Well, I think at least based on what we see happening in the business today it’s holding up really pretty good, better than we might have expected but we remain concerned with a lot of our customers talking about their concerns on store traffic and stuff. But, I think we’re reasonably positive about what we see coming. Our business is maybe skewed a little bit to the quick service guys and it there’s a trading down going on then perhaps we’re seeing a little bit of benefit from that.

Mitchell Pinheiro – Janney Montgomery Scott, LLC

Would there be like a channel fill with that new dressing products for Wendy’s?

John L. Boylan

No, that’s just a running change actually. So, no there isn’t a big channel fill there.

Mitchell Pinheiro – Janney Montgomery Scott, LLC

Then just one more question on the food, you mentioned something about outside consultants?

John L. Boylan

Yes.

Mitchell Pinheiro – Janney Montgomery Scott, LLC

How big of an expense was that in Q3?

John B. Gerlach, Jr.

It was a small six figure expense Mitch.

Mitchell Pinheiro – Janney Montgomery Scott, LLC

The same type of expense in Q4?

John L. Boylan

No. At this point I would say not, it should be less. Mitch, back to your previous question, the category number we would show is up about 4% but that pretty much seems to be pricing on the refrigerated dressings and, we definitely did grow share in that period of time.

Mitchell Pinheiro – Janney Montgomery Scott, LLC

Did you gain unit share?

John L. Boylan

Yes.

Mitchell Pinheiro – Janney Montgomery Scott, LLC

Then the last question, just looking at the glassware and candles, what should I use as a comparative number from last year?

John L. Boylan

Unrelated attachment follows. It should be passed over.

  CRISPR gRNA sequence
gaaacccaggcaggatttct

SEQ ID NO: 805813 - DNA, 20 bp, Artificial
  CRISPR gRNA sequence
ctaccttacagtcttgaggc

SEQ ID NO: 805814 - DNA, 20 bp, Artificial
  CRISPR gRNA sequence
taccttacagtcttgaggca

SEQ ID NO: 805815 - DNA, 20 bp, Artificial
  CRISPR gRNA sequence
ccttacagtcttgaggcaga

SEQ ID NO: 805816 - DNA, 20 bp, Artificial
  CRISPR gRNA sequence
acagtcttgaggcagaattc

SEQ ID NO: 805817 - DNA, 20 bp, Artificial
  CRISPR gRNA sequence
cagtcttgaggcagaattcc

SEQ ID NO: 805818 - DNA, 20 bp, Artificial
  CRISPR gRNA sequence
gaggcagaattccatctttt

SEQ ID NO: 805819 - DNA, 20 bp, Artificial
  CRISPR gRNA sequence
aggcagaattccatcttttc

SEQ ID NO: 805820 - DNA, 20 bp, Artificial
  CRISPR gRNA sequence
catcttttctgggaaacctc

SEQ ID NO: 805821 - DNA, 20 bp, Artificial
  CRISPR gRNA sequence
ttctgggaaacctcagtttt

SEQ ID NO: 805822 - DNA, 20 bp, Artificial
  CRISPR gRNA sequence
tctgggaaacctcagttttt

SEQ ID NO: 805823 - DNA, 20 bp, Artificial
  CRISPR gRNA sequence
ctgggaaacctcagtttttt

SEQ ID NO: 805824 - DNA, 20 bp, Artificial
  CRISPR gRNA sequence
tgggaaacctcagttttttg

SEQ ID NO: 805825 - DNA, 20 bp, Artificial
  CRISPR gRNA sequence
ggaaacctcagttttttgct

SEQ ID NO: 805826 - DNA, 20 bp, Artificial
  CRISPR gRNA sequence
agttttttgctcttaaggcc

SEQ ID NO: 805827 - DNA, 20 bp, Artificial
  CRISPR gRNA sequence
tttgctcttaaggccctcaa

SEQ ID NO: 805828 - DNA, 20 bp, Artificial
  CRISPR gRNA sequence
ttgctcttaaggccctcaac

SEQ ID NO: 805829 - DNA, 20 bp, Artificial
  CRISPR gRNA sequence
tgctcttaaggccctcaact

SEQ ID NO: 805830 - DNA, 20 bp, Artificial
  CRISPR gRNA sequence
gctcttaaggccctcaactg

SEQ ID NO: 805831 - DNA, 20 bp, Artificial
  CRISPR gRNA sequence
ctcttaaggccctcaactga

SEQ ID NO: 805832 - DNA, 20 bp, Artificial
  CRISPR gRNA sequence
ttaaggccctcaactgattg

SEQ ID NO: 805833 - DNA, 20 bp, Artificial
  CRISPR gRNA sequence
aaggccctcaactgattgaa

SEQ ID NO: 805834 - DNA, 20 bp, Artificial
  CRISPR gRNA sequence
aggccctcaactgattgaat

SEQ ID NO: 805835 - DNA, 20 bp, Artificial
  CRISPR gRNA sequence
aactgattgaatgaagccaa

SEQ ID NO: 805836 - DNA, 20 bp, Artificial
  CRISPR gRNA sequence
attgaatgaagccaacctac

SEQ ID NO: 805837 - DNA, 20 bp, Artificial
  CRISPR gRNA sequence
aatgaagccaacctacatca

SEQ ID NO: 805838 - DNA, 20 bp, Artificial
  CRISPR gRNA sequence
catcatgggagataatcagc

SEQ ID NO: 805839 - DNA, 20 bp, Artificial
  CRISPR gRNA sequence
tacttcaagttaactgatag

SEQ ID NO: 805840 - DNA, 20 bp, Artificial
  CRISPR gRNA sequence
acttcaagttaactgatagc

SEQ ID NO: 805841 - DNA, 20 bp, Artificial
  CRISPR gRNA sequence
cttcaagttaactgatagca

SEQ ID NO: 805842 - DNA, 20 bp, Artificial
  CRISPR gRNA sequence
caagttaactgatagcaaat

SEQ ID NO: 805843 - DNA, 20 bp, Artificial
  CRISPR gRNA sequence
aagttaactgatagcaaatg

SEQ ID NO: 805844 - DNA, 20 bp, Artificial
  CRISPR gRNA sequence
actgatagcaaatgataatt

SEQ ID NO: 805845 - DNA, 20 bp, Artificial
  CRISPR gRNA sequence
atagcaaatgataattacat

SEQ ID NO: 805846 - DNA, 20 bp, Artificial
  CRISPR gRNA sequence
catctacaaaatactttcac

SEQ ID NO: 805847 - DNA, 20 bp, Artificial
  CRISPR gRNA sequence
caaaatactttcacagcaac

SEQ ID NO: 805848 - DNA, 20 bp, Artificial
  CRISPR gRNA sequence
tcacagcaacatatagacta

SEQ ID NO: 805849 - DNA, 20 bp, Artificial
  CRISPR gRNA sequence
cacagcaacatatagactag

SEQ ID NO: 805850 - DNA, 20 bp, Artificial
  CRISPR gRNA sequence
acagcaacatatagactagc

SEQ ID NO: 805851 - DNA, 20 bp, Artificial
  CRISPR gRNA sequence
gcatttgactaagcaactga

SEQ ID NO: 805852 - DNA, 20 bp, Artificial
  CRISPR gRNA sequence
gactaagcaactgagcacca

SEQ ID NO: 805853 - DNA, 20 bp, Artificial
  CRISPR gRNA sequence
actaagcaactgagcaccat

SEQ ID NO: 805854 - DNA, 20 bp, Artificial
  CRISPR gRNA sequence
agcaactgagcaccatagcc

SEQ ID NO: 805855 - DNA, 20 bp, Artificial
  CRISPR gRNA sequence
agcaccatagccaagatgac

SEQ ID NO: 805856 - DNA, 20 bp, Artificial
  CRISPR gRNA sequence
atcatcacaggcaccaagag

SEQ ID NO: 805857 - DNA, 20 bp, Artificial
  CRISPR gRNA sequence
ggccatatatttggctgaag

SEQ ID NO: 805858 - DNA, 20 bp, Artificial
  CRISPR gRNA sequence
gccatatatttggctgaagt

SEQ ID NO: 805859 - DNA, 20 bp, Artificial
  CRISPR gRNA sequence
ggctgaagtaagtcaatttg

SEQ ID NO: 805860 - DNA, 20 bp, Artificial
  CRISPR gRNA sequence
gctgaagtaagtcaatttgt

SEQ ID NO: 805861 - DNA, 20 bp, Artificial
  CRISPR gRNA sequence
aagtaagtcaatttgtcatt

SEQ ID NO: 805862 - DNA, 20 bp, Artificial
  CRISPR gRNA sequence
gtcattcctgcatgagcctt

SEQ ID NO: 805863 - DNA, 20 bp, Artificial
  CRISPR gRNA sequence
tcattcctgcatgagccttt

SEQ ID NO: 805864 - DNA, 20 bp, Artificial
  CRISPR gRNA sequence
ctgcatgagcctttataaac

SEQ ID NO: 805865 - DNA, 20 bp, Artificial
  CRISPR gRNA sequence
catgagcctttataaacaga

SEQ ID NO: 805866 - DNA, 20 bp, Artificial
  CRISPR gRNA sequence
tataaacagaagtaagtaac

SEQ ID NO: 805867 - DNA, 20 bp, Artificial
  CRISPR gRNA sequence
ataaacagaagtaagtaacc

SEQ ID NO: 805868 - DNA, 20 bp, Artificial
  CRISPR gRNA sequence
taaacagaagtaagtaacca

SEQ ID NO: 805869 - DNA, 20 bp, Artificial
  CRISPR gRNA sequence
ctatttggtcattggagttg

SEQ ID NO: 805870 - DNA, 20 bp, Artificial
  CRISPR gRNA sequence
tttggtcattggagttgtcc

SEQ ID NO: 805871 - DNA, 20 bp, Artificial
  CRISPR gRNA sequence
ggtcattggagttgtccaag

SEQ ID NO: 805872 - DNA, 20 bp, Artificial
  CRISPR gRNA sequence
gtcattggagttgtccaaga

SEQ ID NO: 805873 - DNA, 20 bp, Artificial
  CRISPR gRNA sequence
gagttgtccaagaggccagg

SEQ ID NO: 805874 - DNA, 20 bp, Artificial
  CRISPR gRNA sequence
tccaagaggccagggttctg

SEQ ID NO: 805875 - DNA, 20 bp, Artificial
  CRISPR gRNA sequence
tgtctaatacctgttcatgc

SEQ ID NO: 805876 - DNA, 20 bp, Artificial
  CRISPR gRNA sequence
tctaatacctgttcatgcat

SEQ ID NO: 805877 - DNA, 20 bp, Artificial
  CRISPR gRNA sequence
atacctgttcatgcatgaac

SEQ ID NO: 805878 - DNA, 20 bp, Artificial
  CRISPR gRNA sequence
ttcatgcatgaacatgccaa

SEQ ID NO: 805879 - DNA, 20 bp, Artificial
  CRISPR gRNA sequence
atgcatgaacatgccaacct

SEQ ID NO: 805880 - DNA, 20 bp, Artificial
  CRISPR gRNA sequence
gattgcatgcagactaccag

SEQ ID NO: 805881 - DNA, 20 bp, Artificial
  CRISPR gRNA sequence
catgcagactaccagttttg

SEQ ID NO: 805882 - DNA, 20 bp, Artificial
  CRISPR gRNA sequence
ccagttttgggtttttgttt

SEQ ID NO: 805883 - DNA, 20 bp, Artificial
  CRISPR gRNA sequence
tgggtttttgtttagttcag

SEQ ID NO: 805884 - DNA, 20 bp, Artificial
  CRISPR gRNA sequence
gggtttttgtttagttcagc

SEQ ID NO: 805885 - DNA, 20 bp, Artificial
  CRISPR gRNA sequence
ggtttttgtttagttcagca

Generally what we’ve said for the full year Mitch is that candle sales made up roughly two thirds of segment sales. What I would tell you in the fourth quarter since that’s an off season candle the glass proportion of sales in the fourth quarter would have been higher than a third and approaching a half. I don’t have the specific numbers with me but I think it’s not quite half would have been glass sales a year ago in the fourth quarter.

Mitchell Pinheiro – Janney Montgomery Scott, LLC

And in the third quarter it would have been again just roughly, as you said in your comments, candles were flat in the quarter?

John L. Boylan

Correct.

Mitchell Pinheiro – Janney Montgomery Scott, LLC

So, last year’s numbers on a sales line are basically flat? It’s all candles now.

John L. Boylan

There is a small amount of glass distribution that is left, not glass manufacturing. But, by far the preponderance of sales left would be candle sales.

Mitchell Pinheiro – Janney Montgomery Scott, LLC

Final question is just concerning the [inaudible] facilities, are margins still improving in those facilities? Are you getting the benefit you had expected in terms of your cost efficiencies?

John L. Boylan

Yes, I think we are seeing that Mitch. I think the one thing to keep in mind is we’ve built two facilities, one on the dressing side and the other one on the frozen bread end and while they’re both there to support and drive growth in the business, the bread side of it created more growth capacity than what we saw in the dressing. So where on the dressing side we were able to bring a lot of co-pack product and over time production at other plants in house and fill that plant up to a greater utilization level quicker than what we’re doing on the bread side because while there was a little bit of that overtime we could bring in there a lot of that capacity is going to be used for future growth. Which we’re seeing but, it’s not getting absorbed as fast as it was on the dressing side.

Operator

Your next question comes from [David Liebowitz].